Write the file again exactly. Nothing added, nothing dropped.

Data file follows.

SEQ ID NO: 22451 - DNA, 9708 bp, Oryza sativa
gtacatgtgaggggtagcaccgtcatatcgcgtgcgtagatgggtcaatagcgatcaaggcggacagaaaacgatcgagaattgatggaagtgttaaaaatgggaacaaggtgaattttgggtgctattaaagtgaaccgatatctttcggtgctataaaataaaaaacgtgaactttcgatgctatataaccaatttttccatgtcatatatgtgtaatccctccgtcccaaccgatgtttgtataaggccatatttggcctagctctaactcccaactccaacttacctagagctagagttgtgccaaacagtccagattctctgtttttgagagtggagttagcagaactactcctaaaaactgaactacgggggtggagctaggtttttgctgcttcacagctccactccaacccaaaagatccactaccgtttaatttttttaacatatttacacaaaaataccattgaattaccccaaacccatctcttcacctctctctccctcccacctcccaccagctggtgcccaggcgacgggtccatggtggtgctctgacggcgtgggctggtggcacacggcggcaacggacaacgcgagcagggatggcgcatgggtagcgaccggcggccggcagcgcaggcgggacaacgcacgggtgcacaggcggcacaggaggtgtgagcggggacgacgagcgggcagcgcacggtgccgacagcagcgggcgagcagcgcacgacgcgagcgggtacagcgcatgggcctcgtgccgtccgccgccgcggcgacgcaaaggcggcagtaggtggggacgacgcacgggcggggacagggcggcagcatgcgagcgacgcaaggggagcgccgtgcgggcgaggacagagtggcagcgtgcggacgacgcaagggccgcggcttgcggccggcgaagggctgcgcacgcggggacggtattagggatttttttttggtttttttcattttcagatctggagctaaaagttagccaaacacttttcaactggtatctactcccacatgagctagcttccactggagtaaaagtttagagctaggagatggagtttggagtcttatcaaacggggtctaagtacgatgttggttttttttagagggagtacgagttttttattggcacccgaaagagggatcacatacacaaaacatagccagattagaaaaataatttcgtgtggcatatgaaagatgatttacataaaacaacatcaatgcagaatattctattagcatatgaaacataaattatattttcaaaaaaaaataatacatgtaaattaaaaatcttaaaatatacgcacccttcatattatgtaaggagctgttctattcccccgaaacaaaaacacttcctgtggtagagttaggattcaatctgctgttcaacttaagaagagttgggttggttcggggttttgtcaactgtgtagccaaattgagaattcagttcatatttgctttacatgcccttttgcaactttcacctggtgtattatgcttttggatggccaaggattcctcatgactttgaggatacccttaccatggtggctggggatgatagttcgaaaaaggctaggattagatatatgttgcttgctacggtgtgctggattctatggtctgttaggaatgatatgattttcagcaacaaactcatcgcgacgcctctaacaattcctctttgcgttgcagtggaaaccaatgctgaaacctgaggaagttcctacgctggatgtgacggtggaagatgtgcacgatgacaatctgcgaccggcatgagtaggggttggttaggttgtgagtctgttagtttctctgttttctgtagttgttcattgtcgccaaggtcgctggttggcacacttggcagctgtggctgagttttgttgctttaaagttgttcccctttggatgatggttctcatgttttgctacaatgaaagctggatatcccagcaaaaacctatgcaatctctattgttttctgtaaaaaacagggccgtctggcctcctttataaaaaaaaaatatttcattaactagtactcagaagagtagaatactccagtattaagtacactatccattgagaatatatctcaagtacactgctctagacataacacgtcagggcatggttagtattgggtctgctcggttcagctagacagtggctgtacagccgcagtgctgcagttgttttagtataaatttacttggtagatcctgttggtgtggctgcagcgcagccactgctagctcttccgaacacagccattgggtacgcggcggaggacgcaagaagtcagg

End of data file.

SEQ ID NO: 22451 - DNA, 9708 bp, Oryza sativa
gtacatgtgaggggtagcaccgtcatatcgcgtgcgtagatgggtcaatagcgatcaaggcggacagaaaacgatcgagaattgatggaagtgttaaaaatgggaacaaggtgaattttgggtgctattaaagtgaaccgatatctttcggtgctataaaataaaaaacgtgaactttcgatgctatataaccaatttttccatgtcatatatgtgtaatccctccgtcccaaccgatgtttgtataaggccatatttggcctagctctaactcccaactccaacttacctagagctagagttgtgccaaacagtccagattctctgtttttgagagtggagttagcagaactactcctaaaaactgaactacgggggtggagctaggtttttgctgcttcacagctccactccaacccaaaagatccactaccgtttaatttttttaacatatttacacaaaaataccattgaattaccccaaacccatctcttcacctctctctccctcccacctcccaccagctggtgcccaggcgacgggtccatggtggtgctctgacggcgtgggctggtggcacacggcggcaacggacaacgcgagcagggatggcgcatgggtagcgaccggcggccggcagcgcaggcgggacaacgcacgggtgcacaggcggcacaggaggtgtgagcggggacgacgagcgggcagcgcacggtgccgacagcagcgggcgagcagcgcacgacgcgagcgggtacagcgcatgggcctcgtgccgtccgccgccgcggcgacgcaaaggcggcagtaggtggggacgacgcacgggcggggacagggcggcagcatgcgagcgacgcaaggggagcgccgtgcgggcgaggacagagtggcagcgtgcggacgacgcaagggccgcggcttgcggccggcgaagggctgcgcacgcggggacggtattagggatttttttttggtttttttcattttcagatctggagctaaaagttagccaaacacttttcaactggtatctactcccacatgagctagcttccactggagtaaaagtttagagctaggagatggagtttggagtcttatcaaacggggtctaagtacgatgttggttttttttagagggagtacgagttttttattggcacccgaaagagggatcacatacacaaaacatagccagattagaaaaataatttcgtgtggcatatgaaagatgatttacataaaacaacatcaatgcagaatattctattagcatatgaaacataaattatattttcaaaaaaaaataatacatgtaaattaaaaatcttaaaatatacgcacccttcatattatgtaaggagctgttctattcccccgaaacaaaaacacttcctgtggtagagttaggattcaatctgctgttcaacttaagaagagttgggttggttcggggttttgtcaactgtgtagccaaattgagaattcagttcatatttgctttacatgcccttttgcaactttcacctggtgtattatgcttttggatggccaaggattcctcatgactttgaggatacccttaccatggtggctggggatgatagttcgaaaaaggctaggattagatatatgttgcttgctacggtgtgctggattctatggtctgttaggaatgatatgattttcagcaacaaactcatcgcgacgcctctaacaattcctctttgcgttgcagtggaaaccaatgctgaaacctgaggaagttcctacgctggatgtgacggtggaagatgtgcacgatgacaatctgcgaccggcatgagtaggggttggttaggttgtgagtctgttagtttctctgttttctgtagttgttcattgtcgccaaggtcgctggttggcacacttggcagctgtggctgagttttgttgctttaaagttgttcccctttggatgatggttctcatgttttgctacaatgaaagctggatatcccagcaaaaacctatgcaatctctattgttttctgtaaaaaacagggccgtctggcctcctttataaaaaaaaaatatttcattaactagtactcagaagagtagaatactccagtattaagtacactatccattgagaatatatctcaagtacactgctctagacataacacgtcagggcatggttagtattgggtctgctcggttcagctagacagtggctgtacagccgcagtgctgcagttgttttagtataaatttacttggtagatcctgttggtgtggctgcagcgcagccactgctagctcttccgaacacagccattgggtacgcggcggaggacgcaagaagtcagg